Two Canadian pairs out of Four Continents
New national champs Langlois, Hay withdraw
|Anabelle Langlois and Cody Hay will be unable to compete at the Four Continents Championships. (Getty Images)|
Langlois has been suffering severe abdominal pain for a week. Initially, it was thought she might have injured her ribs, but now a kidney or gall stone is suspected. The pair's withdrawal was officially announced Friday as Langlois was undergoing an ultra-sound test to determine the cause of her ailment.
"We've got time until worlds, so barring something really bizarre, she should definitely be OK. That's definitely our goal," said the couple's coach, Lee Barkell, who nonetheless heads to Korea Saturday as co-coach of three-time Canadian champ Jeffrey Buttle.
"Obviously not being on the ice, and with the travel, and she's still in considerable pain, it's not in their best interest to go over [to Korea]," Barkell noted.
Buntin, meanwhile, further tore a previously damaged tendon and the rotator cuff in his shoulder when the timing of a lift went awry in the exhibition gala at the Canadian championships on January 20. He has been unable to train the lifts since then, although the couple continues to practice the throws, death spirals, and individual jumps, as well as run through their programs -- minus the lifts -- each day.
"I need surgery to stitch the rotator cuff and labral tendon back together... but the doctors think I can strengthen all the other muscles around my shoulder to support it and get the surgery after worlds," said Buntin, who paired with Duhamel late last summer.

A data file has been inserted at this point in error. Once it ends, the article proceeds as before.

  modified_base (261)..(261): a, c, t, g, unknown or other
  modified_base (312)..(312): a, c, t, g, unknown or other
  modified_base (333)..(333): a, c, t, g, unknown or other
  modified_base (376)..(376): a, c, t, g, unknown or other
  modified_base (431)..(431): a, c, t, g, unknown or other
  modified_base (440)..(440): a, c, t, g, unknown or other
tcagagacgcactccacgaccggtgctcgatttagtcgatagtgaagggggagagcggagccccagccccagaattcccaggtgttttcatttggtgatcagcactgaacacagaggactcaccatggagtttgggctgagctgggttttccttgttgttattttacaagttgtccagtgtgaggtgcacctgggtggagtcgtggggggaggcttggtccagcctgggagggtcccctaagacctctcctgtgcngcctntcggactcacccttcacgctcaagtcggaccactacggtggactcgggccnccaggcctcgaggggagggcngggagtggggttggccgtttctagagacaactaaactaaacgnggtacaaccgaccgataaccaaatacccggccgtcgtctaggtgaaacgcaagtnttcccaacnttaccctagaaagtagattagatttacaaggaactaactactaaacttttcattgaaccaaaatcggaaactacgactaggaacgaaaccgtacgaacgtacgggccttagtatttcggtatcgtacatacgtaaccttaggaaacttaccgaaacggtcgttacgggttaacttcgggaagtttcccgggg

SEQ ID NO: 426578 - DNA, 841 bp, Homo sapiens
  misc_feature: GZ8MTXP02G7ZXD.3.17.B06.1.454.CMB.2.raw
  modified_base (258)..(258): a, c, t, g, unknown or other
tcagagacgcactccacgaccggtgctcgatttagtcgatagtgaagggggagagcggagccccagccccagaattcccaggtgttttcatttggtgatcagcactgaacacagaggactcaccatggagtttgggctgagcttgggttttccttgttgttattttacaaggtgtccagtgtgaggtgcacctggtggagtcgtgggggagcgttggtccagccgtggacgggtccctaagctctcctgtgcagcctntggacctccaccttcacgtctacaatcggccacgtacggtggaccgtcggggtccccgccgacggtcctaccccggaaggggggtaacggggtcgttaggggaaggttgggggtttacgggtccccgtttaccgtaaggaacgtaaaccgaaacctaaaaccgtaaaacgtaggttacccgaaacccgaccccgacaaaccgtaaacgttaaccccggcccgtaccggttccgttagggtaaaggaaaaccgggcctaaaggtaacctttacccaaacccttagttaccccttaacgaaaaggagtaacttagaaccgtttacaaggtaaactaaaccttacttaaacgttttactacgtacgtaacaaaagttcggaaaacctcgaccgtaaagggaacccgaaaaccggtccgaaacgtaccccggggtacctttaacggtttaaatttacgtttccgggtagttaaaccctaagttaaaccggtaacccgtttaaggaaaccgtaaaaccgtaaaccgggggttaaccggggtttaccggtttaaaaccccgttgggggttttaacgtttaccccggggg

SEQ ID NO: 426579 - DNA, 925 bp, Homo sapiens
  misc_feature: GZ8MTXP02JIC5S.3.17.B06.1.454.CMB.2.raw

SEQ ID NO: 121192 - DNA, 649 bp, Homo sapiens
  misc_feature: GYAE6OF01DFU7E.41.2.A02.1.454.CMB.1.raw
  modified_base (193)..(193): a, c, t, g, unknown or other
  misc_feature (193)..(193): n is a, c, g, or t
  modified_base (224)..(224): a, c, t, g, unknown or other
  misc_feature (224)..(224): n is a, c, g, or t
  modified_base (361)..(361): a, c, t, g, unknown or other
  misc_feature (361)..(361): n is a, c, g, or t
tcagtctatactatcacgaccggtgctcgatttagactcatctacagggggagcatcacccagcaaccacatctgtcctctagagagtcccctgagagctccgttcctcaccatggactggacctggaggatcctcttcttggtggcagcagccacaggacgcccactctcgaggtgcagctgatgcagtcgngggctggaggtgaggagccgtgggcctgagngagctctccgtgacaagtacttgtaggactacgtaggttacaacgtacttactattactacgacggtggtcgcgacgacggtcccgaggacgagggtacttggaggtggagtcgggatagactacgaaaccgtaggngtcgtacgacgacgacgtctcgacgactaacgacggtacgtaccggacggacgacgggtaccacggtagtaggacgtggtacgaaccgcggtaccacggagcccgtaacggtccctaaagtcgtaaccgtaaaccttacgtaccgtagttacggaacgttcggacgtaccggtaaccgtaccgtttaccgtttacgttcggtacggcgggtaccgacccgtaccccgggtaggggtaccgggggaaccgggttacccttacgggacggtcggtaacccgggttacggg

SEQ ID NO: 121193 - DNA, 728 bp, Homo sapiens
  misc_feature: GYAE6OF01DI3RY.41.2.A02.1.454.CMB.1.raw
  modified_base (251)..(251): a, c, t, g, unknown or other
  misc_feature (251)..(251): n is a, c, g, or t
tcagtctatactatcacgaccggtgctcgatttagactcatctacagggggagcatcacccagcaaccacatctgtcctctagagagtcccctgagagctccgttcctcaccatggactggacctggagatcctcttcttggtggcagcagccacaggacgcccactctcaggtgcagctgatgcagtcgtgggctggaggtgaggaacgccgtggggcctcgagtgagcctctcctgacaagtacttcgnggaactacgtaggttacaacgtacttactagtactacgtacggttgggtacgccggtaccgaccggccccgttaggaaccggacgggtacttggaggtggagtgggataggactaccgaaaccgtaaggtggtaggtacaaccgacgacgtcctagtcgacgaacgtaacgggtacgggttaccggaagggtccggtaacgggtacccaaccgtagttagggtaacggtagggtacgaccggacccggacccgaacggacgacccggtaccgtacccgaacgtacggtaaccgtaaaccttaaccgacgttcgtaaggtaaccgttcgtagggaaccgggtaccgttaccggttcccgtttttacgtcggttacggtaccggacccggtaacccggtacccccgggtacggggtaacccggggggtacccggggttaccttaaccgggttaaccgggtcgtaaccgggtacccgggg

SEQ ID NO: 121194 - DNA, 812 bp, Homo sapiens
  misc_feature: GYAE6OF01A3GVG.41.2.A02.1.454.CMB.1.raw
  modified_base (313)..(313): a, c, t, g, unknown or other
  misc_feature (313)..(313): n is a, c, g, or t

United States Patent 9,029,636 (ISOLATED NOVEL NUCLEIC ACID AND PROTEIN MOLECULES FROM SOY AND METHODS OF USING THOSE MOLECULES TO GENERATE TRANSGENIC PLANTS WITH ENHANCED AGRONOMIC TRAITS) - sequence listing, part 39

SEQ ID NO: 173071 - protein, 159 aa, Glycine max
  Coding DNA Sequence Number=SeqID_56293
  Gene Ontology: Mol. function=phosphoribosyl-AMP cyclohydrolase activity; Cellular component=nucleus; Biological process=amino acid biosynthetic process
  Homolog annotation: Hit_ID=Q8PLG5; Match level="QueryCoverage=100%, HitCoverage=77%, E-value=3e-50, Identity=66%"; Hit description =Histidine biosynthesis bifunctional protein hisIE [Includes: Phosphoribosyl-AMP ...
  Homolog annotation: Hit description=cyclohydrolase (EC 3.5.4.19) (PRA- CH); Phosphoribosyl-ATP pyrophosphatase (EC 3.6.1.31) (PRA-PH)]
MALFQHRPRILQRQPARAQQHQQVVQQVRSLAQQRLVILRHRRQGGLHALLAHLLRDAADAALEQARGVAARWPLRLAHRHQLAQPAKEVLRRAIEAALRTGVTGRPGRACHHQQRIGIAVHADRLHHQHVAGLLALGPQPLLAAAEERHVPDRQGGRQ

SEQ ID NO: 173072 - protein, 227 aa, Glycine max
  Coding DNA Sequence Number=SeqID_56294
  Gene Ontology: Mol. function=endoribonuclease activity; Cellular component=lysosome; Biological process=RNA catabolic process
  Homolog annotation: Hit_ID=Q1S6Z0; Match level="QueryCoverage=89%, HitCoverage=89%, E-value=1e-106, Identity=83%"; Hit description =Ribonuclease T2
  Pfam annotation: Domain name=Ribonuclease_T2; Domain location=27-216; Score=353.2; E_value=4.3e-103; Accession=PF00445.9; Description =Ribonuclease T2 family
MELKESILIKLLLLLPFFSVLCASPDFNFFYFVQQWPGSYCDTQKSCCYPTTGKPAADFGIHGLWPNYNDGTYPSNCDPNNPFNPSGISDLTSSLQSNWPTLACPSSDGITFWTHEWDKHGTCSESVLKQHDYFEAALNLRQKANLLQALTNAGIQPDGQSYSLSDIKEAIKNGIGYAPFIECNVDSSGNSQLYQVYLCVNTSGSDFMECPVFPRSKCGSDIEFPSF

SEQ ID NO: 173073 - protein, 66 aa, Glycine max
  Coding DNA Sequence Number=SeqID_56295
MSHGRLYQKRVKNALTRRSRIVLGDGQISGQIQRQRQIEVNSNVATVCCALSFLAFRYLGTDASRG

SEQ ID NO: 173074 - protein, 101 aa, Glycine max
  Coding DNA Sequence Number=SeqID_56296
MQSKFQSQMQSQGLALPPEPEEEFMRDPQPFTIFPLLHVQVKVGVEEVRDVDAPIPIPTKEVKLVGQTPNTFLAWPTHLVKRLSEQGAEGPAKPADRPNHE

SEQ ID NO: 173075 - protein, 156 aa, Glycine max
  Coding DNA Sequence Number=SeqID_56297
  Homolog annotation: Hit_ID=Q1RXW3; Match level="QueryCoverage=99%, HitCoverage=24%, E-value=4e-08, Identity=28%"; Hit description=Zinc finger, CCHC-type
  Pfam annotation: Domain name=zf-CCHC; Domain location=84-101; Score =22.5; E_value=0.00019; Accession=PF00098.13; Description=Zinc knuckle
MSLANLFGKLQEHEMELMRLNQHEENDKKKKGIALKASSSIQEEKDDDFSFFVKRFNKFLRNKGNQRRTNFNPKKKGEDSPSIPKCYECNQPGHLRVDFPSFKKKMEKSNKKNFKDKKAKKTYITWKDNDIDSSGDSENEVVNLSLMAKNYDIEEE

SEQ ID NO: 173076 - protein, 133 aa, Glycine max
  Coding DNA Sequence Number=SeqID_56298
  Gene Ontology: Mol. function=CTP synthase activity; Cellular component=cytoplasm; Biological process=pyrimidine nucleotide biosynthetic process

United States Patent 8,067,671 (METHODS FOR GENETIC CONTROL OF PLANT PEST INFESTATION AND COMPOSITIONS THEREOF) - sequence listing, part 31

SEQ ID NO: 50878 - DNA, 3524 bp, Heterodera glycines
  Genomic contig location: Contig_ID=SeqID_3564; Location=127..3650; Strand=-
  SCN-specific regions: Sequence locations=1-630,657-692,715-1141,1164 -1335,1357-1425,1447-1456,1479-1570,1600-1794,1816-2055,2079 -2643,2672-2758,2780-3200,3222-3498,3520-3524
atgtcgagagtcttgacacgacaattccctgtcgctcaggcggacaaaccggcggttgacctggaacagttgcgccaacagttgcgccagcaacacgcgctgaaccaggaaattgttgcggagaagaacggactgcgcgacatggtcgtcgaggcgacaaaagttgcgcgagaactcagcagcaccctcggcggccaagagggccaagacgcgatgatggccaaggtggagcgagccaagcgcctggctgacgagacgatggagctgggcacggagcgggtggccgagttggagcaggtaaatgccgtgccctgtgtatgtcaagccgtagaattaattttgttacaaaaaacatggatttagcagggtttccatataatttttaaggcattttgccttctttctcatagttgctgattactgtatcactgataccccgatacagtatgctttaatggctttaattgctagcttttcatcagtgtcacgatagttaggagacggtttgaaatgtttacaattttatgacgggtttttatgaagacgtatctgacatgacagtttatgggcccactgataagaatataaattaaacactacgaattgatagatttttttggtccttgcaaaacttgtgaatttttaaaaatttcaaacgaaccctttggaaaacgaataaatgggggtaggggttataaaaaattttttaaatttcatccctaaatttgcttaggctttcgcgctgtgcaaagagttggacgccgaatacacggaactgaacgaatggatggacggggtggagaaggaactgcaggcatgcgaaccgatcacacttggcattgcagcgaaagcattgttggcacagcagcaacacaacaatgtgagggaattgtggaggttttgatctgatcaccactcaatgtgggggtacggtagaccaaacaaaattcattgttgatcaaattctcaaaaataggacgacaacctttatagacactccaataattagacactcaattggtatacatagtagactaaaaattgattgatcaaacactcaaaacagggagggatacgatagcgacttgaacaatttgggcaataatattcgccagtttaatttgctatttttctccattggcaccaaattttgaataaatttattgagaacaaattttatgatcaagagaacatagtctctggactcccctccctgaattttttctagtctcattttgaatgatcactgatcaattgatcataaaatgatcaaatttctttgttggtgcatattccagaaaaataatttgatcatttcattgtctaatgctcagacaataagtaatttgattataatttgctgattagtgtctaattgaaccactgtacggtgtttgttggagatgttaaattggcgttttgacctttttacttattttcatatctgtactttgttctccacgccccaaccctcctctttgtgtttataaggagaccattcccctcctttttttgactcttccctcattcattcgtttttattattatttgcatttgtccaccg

"In the meantime, there's so many things we needed to fix anyway. We've been working on our footwork, our spins, spirals. It [the injury] hasn't been that horrible a thing because the little problems that might not have been fixed otherwise are getting done now," added Buntin, who won three Canadian titles with his previous partner, Valerie Marcoux.
Buntin has had a partially torn tendon in his shoulder since 2005 but has continued to put off surgery because of the five- to six-month recovery time. Instead, he just puts up with the pain.
"We're doing everything except the lifts, and we've now started to do one or two lifts a day. Five weeks out of worlds to even be able to do one or two is a good sign. There should be full-out training within a few weeks," Buntin predicted.
Last season, Buntin and Marcoux were sixth at the world championships, while Langlois and Hay ranked 10th.
Former Canadian champions Jessica Dubé and Bryce Davison had declined Skate Canada's invitation to compete in Korea, preferring to focus on preparations for the world championships. It was a year ago at the Four Continents event in Colorado Springs, Colo., that Davison's skate blade slashed Dubé's cheek and nose when they got too close in a camel spin.
Like the new U.S. pairs champions, Keauna McLaughlin and Rockne Brubaker, Canada's fourth- and fifth-ranked couples do not meet the age-eligibility requirements for ISU Championships, because the girls are too young.
That means Canada will be represented in Korea by pairs that finished sixth and seventh at the 2008 nationals -- Jessica Miller and Ian Moram and Mylène Brodeur and John Mattatall. Miller and Moram were surprise bronze medalists at the Grand Prix in China this season.
For various reasons, including the late withdrawals and travel challenges, Canada will not send a third pair to the event.
"We just ran out of [pairs] people and ran out of time," said Skate Canada's high-performance director Michael Slipchuk.
Three countries -- China, the U.S., and Canada -- will dominate the small pairs field at Four Continents. Of the nine couples entered, eight come from those nations. The ninth couple represents Uzbekistan.